It was three weeks ago that a beloved family member died – not passed away, but died…
Why do I word it so harshly? It is a simple answer after all: because “passing away” leaves one left in the grip of denial, whereas accepting that death is a natural part of life brings you closer to those you have lost. Unfortunately, we will all experience the process of death, but an astounding amount of people barely understand it. This is because most of us grow up hearing fluff words: “Oh, he/she passed away,” or “They are no longer with us.” When I was a child my grandfather passed away, and it took me three days before I even heard the word, “Death,” and it was ironically the mention of such a word that brought me back to reality.
Fear of Immortality
Benjamin Franklin once said: “Fear not death, for the sooner we die, the longer we shall be immortal.” And is that not the truth? Though this does not mean pursue damaging or neglectful behaviors, it does show that for as long as time remembers, death has been seen as an enemy rather than a natural process of life. When someone ceases to live (again, I use a euphemism – don’t ever do that) they are following a natural order of life and death. Though it is painful, that is the point.
Think about it. What brings us closer to the idea of life than witnessing death? What thrusts us further into the light than the darkness that waits around every corner? Any second could be our last, but that thought should not scare us. Rather, it should invigorate us. To die means you have lived, and that is where I bring up the concept of reverence. If we can accept without fear that death is going to occur one day, perhaps we can live better lives knowing that our last moment could be any second.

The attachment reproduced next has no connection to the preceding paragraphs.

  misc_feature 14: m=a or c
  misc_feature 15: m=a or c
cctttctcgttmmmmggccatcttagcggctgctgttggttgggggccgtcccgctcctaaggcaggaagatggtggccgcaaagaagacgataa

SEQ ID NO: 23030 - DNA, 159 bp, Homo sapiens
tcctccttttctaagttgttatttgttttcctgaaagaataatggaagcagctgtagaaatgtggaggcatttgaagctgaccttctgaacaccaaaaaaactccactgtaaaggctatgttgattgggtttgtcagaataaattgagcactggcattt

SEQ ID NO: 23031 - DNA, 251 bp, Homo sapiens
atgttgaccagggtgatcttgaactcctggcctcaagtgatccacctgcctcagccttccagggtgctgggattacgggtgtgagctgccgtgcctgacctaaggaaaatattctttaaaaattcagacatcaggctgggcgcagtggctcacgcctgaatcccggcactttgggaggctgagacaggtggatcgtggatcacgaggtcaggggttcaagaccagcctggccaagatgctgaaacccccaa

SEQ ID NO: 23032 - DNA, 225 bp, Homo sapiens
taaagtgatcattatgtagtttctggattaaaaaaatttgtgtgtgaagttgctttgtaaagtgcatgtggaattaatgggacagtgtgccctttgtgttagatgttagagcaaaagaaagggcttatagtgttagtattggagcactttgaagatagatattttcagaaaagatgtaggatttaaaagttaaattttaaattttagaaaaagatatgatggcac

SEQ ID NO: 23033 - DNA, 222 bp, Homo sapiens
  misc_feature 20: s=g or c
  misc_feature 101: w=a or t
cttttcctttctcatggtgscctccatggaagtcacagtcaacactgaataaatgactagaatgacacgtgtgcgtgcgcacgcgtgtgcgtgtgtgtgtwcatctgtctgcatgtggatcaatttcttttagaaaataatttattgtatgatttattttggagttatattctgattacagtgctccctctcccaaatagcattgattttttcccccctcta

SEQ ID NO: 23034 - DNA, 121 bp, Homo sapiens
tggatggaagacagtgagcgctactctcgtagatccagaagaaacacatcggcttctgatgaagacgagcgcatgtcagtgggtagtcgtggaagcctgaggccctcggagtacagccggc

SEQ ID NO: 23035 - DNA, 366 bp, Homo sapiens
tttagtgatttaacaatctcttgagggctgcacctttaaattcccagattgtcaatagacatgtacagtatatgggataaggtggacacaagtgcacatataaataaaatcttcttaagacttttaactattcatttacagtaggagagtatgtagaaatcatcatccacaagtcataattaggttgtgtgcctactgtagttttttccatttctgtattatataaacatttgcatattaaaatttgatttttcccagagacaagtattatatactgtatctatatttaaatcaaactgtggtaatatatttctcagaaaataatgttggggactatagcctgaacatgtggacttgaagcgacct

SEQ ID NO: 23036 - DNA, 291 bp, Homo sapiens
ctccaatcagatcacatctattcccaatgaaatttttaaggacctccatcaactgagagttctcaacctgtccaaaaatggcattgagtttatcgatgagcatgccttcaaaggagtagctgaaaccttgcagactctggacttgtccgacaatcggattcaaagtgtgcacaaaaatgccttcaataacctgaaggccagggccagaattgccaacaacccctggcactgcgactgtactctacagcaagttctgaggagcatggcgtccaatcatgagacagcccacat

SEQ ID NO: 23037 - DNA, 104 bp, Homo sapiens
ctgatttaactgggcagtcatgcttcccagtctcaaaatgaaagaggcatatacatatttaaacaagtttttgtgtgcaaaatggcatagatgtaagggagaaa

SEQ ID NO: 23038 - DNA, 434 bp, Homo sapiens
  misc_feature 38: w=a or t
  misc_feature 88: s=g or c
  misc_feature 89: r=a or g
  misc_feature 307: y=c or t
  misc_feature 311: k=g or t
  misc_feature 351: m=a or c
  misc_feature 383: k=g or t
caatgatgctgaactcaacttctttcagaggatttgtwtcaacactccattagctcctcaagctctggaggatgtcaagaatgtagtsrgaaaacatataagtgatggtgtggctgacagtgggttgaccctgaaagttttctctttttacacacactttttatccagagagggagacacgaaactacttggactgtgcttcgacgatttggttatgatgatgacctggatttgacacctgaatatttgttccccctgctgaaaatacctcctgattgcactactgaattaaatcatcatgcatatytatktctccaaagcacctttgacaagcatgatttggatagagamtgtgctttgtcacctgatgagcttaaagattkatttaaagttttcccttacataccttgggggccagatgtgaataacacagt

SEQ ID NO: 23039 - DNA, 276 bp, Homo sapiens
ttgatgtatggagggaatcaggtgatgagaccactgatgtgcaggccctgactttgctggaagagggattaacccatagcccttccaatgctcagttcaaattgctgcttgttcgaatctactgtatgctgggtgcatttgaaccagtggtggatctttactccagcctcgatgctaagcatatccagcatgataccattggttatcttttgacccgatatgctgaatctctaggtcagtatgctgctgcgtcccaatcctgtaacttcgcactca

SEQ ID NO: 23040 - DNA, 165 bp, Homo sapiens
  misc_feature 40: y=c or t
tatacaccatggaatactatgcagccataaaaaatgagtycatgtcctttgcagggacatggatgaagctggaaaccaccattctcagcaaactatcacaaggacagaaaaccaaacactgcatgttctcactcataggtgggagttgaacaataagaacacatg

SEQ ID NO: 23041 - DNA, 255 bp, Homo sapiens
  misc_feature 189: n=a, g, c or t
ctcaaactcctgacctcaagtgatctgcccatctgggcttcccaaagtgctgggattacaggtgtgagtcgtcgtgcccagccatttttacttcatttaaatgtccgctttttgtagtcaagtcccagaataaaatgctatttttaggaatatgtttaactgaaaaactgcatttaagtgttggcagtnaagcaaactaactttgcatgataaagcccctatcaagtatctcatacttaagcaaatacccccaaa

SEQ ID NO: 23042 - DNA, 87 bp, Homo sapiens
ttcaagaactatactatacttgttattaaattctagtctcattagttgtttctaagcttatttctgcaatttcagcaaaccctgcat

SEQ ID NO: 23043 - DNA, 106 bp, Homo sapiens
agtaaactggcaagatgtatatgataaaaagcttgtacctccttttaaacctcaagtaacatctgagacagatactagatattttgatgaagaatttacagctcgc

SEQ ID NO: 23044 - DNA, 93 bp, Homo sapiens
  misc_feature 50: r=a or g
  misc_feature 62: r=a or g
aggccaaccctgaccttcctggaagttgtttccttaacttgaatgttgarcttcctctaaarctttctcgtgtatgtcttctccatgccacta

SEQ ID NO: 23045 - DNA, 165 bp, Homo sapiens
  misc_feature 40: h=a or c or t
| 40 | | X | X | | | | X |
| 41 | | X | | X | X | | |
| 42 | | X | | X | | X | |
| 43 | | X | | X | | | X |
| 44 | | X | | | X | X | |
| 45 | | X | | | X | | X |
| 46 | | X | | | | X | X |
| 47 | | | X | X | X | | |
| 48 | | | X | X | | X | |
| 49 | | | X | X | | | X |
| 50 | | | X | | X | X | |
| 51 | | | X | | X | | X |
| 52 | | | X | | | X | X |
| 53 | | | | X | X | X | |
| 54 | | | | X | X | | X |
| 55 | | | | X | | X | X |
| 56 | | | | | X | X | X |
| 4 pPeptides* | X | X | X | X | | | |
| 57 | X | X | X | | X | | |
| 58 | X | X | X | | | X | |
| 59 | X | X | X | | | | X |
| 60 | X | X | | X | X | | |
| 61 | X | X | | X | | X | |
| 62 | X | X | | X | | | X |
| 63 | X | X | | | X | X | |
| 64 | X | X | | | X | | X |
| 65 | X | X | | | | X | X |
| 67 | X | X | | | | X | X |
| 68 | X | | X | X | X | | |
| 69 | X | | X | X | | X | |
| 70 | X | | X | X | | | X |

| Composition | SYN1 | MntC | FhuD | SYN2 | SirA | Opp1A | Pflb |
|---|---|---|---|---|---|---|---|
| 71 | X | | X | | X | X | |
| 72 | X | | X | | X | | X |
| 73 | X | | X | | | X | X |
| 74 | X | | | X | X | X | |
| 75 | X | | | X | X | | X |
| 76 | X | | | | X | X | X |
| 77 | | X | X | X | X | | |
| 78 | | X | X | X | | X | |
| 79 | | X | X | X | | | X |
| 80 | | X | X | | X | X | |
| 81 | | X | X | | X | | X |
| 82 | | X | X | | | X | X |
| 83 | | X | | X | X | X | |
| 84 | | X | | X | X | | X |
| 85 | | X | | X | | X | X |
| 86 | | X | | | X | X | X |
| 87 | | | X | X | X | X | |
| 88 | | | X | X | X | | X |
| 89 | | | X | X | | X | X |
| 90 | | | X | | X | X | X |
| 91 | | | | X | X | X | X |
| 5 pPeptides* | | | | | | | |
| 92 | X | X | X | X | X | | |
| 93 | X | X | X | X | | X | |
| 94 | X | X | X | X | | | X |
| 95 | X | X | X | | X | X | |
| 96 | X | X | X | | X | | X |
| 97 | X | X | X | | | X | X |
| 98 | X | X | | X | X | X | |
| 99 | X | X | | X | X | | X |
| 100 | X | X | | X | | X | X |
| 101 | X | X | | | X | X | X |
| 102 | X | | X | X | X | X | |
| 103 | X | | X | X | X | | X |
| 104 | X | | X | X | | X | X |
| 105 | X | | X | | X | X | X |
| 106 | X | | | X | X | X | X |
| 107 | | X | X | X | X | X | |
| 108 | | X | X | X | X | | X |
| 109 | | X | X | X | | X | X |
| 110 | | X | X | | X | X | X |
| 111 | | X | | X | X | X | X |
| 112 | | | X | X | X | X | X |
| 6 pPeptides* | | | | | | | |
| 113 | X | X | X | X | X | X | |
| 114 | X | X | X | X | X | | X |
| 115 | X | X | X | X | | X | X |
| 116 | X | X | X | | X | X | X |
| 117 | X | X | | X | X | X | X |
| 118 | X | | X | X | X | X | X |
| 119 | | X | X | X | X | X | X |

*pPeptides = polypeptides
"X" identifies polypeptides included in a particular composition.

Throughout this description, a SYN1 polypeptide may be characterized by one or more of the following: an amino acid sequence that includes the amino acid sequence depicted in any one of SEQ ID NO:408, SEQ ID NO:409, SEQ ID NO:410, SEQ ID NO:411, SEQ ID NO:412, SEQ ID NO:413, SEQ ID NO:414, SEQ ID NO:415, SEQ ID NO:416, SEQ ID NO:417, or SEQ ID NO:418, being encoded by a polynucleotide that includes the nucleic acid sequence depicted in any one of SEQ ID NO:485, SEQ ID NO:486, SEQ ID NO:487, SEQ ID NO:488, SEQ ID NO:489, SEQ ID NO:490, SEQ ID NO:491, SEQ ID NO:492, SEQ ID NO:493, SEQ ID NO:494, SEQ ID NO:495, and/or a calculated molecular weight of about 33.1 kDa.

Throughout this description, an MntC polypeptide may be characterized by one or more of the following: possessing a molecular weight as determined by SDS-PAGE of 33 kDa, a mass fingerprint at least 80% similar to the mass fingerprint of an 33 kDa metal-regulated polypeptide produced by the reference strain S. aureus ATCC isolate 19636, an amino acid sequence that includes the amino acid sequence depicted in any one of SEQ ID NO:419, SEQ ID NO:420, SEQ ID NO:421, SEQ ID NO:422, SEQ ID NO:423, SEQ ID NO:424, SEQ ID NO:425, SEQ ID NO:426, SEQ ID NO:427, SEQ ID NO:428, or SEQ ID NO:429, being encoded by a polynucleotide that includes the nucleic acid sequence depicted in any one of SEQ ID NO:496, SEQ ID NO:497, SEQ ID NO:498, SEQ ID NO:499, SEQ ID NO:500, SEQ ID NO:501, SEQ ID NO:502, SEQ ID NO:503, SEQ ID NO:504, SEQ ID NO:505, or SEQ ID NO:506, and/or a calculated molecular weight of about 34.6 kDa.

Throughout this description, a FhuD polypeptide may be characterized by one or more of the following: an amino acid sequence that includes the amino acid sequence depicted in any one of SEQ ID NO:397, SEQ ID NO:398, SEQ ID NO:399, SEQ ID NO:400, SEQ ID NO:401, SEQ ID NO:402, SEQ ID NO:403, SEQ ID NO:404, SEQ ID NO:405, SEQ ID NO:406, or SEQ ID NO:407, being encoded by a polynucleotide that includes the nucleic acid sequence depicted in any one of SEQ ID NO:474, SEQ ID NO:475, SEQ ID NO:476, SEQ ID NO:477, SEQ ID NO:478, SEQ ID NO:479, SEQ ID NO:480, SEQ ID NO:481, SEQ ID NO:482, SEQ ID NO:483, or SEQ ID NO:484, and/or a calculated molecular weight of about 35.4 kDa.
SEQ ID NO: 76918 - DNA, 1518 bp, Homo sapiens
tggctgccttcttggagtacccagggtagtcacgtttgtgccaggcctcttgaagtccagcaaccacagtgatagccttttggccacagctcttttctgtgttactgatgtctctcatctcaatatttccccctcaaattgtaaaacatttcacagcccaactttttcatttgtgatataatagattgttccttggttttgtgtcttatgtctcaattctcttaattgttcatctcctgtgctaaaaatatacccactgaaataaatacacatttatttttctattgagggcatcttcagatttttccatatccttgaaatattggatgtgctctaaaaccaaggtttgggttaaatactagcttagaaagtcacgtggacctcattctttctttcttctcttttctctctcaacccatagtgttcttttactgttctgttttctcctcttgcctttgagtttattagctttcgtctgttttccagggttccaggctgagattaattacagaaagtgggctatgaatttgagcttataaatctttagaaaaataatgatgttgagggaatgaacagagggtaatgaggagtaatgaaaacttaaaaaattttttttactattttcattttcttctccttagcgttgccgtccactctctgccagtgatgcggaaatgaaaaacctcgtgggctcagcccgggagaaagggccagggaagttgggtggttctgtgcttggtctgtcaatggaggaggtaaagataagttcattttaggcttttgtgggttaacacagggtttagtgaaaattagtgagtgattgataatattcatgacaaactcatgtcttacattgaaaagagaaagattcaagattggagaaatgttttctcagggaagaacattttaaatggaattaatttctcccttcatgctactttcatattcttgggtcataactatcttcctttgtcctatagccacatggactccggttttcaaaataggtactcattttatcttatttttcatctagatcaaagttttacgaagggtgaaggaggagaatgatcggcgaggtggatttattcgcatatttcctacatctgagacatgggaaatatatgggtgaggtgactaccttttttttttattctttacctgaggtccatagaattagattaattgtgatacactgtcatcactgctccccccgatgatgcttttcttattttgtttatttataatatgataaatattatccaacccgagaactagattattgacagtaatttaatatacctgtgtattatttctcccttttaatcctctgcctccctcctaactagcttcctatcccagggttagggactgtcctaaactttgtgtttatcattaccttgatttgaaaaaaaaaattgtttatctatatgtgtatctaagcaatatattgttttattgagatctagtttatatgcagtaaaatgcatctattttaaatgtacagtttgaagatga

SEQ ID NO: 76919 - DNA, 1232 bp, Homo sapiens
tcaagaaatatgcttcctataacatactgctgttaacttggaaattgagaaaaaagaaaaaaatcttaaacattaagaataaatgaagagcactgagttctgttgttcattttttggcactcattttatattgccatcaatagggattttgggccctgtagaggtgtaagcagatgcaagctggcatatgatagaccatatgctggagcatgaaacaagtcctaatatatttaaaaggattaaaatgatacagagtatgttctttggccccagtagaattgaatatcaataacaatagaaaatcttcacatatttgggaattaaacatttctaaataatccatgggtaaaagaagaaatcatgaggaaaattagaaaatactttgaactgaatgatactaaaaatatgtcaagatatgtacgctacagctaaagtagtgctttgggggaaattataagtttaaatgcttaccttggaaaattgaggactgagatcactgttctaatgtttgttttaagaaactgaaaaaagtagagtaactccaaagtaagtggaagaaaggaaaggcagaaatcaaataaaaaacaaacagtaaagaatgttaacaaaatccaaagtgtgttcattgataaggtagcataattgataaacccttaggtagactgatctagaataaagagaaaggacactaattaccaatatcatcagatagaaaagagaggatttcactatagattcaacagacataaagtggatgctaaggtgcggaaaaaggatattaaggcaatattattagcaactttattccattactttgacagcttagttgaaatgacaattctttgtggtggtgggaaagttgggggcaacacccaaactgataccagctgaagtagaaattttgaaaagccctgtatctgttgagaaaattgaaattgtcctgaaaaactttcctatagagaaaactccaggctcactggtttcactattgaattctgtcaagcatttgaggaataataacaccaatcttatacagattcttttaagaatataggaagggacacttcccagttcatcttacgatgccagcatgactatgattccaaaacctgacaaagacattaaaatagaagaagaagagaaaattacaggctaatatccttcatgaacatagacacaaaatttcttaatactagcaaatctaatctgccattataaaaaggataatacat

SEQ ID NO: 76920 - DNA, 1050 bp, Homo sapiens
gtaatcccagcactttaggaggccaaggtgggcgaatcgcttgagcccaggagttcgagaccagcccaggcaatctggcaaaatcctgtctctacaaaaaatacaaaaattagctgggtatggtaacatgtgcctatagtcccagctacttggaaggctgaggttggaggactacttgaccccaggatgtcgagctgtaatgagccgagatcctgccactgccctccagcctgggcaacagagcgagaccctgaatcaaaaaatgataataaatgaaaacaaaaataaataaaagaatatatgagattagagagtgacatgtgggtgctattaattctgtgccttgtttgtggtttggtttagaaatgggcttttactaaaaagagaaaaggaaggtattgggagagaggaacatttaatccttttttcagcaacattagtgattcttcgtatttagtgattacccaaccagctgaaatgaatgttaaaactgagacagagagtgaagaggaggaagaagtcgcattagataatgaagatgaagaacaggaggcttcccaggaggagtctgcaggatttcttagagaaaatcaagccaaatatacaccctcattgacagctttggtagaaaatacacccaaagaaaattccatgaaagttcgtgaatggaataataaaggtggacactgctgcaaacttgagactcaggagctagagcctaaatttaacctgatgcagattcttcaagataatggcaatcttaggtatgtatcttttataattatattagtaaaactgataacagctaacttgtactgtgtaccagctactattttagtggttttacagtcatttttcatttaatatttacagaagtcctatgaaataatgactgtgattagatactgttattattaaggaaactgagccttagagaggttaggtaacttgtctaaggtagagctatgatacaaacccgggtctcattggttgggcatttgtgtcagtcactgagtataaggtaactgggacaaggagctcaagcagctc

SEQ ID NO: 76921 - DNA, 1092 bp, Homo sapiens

Don’t Lose Them
They say there are five stages of grief: denial, bargaining, anger, depression, and acceptance.
I disagree, because there is a sixth step, and that sixth step keeps our loved ones alive even in death. I call it “reverence,” which is merely a spiritual way of saying, “honoring.” When my family member slipped into death, everybody crept around the idea of mentioning him. It seemed almost as if everybody was so viscerally consumed in preparing for the funeral (ironically a marker of a person’s life consumes us to the point where we forget to think about the dead in question).
However, it was after the funeral that we met at the loved one’s home and we began to share our stories. And through tears, laughter, smiles, frowns, and a whirlwind of other emotions, we were able to slip from denial to acceptance – almost bypassing the three steps in between. Does this mean that perhaps we can find a way to lose less of the dead simply by talking about them? I do think this is the case. You see, when one dies they are not gone; you do not have to be religious or spiritual for this to make sense. Your memories, thoughts, and – if you are lucky enough to have had them – stories about that person are there to keep them alive, even in death.
Hunter Patch Adams was a well-known doctor, and was portrayed in the film: “Patch Adams” by Robin Williams. He was most known for treating the ill at his home, visiting hospitals with no intention other than to cheer up those in need and in pain, and for the true-to-life speech he gave when finally accused of practicing medicine without the proper licensing. When asked what he would have done if someone had died under his care, he responded quaintly: “What’s wrong with death? What are we so mortally afraid of?” And he is right in saying, “Why can’t we treat death with a sense of dignity and integrity and God forbid, maybe even humor?”
In other words, we worry so much about avoiding death that we forget to enjoy the time in between. We have one life to live, and we must make the most of it. When you are on your death bed, ask yourself – right now – what you would want. There is a saying that circles around Workaholics Anonymous meetings: “No one is ever on their death bed wishing they had spent more time at work.” What would you die for, and what would you like to be remembered for?
I Bid Farewell
So to Nick Mesa, I bid farewell. I wish I had known you better, but even in death your spirit will always breathe through the loving memories of those who cared about you (including the hundred or so people who flew in from all across the country to attend your funeral). Though I have little recollection of ever knowing you, loving with you, crying with you, or even something as simple as talking to you, I do know one thing (and it is the only thing I need): I love you.